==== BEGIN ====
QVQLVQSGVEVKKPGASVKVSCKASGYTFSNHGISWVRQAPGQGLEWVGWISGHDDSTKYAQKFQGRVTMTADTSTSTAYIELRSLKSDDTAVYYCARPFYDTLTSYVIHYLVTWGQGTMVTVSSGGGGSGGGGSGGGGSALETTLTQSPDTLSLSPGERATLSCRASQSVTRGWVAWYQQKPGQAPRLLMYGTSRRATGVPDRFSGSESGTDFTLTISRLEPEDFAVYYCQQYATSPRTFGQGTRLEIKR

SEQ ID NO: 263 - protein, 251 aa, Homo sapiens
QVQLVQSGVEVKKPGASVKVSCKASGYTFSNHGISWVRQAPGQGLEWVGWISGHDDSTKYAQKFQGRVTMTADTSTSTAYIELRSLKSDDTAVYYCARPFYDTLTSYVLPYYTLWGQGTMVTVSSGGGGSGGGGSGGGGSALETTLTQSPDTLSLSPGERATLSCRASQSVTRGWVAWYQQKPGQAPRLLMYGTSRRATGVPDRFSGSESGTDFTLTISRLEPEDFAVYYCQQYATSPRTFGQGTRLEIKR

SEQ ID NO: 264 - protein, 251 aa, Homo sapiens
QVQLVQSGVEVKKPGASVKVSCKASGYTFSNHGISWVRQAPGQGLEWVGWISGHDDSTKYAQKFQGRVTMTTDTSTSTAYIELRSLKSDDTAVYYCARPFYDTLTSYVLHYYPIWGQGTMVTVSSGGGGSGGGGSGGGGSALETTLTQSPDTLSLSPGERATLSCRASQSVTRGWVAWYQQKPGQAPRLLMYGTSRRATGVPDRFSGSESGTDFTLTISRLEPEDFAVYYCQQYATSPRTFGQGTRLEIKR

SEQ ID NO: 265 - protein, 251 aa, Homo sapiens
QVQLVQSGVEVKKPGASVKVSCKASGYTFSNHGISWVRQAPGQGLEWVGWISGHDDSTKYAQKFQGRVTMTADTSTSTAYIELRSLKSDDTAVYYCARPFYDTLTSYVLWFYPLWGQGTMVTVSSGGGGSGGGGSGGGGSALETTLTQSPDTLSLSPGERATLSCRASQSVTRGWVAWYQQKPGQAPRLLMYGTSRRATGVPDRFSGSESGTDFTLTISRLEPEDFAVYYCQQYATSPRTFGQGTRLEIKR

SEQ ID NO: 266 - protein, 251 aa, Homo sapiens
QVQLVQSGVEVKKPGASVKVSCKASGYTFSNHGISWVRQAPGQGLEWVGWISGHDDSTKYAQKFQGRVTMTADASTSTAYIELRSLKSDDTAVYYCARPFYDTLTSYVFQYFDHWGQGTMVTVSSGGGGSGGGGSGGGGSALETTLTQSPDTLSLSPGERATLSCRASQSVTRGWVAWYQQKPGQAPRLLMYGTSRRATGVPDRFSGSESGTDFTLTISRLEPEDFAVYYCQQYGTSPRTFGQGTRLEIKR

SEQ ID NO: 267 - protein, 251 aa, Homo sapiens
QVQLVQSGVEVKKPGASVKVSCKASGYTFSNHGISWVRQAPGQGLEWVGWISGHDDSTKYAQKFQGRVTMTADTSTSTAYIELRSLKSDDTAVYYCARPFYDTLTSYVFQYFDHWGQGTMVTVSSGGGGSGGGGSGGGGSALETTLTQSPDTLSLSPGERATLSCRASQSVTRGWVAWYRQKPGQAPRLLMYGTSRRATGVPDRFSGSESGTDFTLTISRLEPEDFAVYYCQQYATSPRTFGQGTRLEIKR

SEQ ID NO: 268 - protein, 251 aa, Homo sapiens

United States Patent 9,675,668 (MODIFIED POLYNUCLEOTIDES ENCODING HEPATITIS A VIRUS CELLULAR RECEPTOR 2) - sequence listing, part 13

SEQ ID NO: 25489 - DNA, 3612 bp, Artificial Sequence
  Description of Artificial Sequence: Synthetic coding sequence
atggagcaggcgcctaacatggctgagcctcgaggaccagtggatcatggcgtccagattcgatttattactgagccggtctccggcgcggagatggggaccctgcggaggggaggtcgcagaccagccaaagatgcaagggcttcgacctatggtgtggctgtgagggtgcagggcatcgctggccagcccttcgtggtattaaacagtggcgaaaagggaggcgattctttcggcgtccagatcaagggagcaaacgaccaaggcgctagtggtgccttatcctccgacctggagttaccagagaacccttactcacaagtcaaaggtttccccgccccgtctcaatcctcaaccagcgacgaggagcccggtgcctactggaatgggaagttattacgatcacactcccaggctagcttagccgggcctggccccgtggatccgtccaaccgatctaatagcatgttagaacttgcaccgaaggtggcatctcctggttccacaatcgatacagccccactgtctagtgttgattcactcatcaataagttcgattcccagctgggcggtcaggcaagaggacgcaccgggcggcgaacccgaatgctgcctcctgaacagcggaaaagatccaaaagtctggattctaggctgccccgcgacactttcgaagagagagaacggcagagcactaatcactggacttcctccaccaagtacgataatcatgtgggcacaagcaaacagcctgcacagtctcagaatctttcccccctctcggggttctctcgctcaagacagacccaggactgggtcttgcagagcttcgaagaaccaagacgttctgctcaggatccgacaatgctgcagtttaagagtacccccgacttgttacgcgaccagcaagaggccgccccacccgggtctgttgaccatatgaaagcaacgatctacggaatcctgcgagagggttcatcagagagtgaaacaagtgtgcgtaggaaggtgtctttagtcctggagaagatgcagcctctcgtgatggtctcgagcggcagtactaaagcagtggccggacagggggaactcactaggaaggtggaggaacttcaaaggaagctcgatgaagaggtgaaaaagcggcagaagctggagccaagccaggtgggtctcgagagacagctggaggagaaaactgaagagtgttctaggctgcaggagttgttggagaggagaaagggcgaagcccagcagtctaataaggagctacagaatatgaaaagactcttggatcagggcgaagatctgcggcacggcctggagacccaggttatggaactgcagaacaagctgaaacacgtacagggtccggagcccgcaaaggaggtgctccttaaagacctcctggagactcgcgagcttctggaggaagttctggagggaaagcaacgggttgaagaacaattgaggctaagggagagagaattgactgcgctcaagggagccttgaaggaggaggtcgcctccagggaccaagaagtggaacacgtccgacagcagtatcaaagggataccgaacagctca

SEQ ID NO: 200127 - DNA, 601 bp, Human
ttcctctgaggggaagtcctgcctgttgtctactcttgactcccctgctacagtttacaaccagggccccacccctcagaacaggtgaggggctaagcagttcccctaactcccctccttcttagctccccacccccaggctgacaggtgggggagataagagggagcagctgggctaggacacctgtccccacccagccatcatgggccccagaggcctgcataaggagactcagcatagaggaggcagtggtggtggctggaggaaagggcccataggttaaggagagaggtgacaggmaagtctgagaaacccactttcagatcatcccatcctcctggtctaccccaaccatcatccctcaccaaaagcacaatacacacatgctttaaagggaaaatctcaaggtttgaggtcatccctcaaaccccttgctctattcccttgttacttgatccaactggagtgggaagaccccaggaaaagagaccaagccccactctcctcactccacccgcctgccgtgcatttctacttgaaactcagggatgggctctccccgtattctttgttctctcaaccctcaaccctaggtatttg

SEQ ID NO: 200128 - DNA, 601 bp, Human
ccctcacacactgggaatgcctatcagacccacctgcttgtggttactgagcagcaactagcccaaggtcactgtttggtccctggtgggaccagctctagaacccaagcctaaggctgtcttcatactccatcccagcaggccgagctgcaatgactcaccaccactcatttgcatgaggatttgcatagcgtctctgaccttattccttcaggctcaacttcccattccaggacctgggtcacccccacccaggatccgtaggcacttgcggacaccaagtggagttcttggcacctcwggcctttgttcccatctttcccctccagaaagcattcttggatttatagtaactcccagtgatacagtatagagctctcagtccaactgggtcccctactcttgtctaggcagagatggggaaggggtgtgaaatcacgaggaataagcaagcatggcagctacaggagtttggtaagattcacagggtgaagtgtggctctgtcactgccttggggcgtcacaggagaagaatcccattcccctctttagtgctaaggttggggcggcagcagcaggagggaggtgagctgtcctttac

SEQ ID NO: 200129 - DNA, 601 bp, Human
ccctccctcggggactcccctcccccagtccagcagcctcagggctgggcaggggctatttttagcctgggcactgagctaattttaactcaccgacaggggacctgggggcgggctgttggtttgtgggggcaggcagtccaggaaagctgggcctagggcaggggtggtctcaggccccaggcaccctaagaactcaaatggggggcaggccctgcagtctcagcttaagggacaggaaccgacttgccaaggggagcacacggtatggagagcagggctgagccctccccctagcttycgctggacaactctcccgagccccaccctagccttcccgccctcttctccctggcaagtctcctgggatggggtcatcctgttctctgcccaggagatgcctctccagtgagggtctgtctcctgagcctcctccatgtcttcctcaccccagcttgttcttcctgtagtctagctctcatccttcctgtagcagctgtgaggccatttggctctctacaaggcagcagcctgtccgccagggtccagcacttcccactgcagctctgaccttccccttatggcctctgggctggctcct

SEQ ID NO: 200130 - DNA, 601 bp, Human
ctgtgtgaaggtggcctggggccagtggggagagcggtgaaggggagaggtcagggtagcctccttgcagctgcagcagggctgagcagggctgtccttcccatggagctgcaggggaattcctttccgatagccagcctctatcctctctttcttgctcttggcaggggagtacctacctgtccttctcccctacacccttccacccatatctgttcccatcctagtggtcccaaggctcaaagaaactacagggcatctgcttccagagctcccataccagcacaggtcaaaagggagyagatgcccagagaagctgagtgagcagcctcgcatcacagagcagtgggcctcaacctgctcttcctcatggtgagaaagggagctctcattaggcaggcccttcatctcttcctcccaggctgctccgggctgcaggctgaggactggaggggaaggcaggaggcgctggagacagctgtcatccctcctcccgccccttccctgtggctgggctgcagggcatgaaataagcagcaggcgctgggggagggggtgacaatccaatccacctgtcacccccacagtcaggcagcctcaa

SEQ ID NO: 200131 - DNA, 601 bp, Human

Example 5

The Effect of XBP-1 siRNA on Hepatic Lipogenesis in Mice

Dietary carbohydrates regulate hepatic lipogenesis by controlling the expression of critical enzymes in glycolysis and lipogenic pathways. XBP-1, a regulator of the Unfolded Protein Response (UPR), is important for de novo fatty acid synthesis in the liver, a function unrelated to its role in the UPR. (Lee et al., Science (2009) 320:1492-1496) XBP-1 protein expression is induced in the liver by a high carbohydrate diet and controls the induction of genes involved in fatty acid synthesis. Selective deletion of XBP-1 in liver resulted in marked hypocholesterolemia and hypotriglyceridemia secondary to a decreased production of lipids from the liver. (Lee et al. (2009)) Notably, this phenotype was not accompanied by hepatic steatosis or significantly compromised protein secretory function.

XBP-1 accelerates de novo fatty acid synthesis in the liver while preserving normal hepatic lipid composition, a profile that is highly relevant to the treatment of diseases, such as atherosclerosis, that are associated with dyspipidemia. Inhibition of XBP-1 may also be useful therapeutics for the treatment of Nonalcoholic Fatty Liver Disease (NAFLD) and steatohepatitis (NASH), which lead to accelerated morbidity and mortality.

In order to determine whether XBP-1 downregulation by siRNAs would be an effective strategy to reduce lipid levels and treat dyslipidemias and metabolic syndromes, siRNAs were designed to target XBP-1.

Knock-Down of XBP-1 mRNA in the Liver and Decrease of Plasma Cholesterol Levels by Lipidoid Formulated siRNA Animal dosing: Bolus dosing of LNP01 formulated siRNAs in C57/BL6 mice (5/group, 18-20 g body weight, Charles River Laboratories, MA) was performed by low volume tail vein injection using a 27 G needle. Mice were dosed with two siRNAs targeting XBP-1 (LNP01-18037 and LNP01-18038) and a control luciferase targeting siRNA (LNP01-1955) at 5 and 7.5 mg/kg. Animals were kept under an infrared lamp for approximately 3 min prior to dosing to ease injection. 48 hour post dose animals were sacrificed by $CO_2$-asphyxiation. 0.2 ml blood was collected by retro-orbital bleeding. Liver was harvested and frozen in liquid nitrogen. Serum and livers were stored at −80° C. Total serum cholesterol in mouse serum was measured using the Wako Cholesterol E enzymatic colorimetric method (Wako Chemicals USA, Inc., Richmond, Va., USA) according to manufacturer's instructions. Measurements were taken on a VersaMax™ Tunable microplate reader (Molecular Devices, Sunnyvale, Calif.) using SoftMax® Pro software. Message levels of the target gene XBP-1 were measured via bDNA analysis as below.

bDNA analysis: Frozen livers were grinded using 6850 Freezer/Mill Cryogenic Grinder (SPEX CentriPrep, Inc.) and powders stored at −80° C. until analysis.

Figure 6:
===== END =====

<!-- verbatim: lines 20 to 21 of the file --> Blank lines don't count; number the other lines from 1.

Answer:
ccctcacacactgggaatgcctatcagacccacctgcttgtggttactgagcagcaactagcccaaggtcactgtttggtccctggtgggaccagctctagaacccaagcctaaggctgtcttcatactccatcccagcaggccgagctgcaatgactcaccaccactcatttgcatgaggatttgcatagcgtctctgaccttattccttcaggctcaacttcccattccaggacctgggtcacccccacccaggatccgtaggcacttgcggacaccaagtggagttcttggcacctcwggcctttgttcccatctttcccctccagaaagcattcttggatttatagtaactcccagtgatacagtatagagctctcagtccaactgggtcccctactcttgtctaggcagagatggggaaggggtgtgaaatcacgaggaataagcaagcatggcagctacaggagtttggtaagattcacagggtgaagtgtggctctgtcactgccttggggcgtcacaggagaagaatcccattcccctctttagtgctaaggttggggcggcagcagcaggagggaggtgagctgtcctttac

SEQ ID NO: 200129 - DNA, 601 bp, Human